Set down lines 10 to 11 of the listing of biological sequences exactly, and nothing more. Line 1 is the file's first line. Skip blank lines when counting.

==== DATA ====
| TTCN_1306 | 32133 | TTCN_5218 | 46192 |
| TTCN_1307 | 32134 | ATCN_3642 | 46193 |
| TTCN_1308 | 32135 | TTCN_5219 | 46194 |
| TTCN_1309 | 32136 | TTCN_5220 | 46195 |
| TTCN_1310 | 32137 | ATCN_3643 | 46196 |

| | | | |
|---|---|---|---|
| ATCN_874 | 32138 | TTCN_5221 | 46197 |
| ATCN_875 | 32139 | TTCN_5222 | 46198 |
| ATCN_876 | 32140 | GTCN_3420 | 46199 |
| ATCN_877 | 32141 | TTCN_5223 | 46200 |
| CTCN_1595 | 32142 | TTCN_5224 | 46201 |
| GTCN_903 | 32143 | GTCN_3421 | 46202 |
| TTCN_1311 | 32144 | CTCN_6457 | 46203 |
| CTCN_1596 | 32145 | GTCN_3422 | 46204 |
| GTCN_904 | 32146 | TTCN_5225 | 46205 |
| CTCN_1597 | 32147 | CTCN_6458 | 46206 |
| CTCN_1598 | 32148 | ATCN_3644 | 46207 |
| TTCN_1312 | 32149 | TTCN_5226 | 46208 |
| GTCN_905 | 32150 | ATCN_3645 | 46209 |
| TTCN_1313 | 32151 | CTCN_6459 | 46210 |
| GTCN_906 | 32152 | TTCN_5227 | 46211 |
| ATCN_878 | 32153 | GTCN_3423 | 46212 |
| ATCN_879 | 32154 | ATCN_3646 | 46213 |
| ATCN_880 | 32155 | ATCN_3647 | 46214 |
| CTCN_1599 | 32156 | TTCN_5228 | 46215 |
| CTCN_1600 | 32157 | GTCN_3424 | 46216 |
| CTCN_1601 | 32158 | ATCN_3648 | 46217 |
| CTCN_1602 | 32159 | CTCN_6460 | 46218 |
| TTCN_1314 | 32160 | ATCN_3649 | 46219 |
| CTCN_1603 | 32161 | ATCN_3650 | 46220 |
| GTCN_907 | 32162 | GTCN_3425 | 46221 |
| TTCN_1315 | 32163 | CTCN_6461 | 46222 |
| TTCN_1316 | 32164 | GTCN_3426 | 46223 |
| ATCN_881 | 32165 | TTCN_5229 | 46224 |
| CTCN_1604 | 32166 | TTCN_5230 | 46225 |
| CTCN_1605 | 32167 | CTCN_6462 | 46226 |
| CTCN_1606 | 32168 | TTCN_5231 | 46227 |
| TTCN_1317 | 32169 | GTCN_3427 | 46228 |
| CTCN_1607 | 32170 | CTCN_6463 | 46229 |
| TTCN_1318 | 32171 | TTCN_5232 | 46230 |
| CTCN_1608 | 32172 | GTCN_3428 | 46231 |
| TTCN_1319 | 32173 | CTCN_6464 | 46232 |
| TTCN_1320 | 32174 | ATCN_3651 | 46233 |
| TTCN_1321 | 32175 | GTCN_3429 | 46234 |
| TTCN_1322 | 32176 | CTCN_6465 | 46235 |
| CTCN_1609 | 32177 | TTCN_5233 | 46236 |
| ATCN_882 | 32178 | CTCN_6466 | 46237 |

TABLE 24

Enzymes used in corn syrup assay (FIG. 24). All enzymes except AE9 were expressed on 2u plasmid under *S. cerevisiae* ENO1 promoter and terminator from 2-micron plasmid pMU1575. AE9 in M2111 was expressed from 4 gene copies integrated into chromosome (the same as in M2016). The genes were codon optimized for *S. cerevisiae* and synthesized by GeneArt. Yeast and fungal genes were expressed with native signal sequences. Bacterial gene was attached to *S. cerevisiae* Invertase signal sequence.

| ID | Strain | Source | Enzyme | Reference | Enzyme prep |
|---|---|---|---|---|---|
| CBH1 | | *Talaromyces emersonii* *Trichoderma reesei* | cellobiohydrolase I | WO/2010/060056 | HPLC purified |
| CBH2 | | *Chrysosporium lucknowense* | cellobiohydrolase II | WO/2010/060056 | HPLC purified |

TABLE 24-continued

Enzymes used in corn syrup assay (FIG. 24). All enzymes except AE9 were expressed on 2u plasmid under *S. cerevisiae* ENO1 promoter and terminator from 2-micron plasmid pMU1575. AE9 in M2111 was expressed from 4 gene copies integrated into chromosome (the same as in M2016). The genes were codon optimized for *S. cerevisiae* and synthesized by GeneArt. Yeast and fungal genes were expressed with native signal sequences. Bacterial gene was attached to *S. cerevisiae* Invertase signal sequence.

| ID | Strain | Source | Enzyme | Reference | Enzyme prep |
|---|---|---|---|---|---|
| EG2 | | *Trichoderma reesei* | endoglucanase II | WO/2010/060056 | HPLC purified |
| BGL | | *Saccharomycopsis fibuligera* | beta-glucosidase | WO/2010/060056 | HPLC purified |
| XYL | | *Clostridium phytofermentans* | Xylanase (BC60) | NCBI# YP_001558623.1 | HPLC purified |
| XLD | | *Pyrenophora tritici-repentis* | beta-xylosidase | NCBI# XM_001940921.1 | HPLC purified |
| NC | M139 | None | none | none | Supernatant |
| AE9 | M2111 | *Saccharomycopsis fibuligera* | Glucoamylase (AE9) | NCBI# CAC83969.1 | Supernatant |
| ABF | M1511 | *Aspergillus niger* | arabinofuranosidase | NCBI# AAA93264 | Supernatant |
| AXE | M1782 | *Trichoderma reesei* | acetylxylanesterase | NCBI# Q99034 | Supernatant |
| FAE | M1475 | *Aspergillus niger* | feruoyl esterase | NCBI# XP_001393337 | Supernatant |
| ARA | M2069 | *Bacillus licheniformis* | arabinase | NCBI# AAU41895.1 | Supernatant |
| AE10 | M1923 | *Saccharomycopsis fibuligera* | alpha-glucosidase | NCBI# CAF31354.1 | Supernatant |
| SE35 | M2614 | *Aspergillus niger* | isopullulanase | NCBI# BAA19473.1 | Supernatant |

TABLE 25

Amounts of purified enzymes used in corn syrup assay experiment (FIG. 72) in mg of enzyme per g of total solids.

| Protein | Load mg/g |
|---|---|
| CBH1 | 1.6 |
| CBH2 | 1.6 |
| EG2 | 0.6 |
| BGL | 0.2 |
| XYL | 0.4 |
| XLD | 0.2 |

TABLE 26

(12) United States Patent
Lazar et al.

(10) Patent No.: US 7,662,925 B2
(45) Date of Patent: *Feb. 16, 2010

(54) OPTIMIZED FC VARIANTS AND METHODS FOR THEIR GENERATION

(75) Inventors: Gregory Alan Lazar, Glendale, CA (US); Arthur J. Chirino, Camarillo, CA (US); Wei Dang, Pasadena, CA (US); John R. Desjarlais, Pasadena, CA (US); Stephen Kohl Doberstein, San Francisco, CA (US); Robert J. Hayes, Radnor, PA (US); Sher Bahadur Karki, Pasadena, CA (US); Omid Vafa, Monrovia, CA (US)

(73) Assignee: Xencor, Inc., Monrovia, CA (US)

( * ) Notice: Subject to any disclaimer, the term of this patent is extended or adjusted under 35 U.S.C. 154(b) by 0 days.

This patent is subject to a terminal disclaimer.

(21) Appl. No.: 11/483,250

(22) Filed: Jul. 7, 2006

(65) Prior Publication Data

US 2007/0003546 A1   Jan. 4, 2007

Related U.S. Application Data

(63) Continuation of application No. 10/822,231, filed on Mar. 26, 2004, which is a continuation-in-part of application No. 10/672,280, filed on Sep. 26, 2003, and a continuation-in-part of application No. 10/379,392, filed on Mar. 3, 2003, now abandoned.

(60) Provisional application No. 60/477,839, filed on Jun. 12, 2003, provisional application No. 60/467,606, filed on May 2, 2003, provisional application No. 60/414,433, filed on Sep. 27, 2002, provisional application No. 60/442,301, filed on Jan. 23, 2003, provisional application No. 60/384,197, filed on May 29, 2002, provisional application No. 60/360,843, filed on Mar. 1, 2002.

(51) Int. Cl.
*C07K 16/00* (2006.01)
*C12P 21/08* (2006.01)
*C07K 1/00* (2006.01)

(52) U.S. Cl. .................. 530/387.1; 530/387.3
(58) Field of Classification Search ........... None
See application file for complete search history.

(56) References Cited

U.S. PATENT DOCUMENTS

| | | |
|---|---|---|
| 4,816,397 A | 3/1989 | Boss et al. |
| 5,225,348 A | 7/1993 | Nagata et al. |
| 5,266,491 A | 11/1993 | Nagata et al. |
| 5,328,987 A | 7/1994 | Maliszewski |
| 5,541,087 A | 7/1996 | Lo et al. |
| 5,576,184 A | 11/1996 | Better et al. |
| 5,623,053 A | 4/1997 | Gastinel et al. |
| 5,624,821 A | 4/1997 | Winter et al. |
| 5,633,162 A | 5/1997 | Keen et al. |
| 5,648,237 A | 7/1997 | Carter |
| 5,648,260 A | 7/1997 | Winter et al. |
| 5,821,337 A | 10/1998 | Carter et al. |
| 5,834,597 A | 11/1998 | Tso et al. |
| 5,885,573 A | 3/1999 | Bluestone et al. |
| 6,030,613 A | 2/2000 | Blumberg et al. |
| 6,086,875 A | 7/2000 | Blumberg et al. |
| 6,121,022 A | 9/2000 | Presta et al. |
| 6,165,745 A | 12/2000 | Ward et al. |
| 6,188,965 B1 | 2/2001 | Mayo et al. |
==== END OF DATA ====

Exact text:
| ATCN_876 | 32140 | GTCN_3420 | 46199 |
| ATCN_877 | 32141 | TTCN_5223 | 46200 |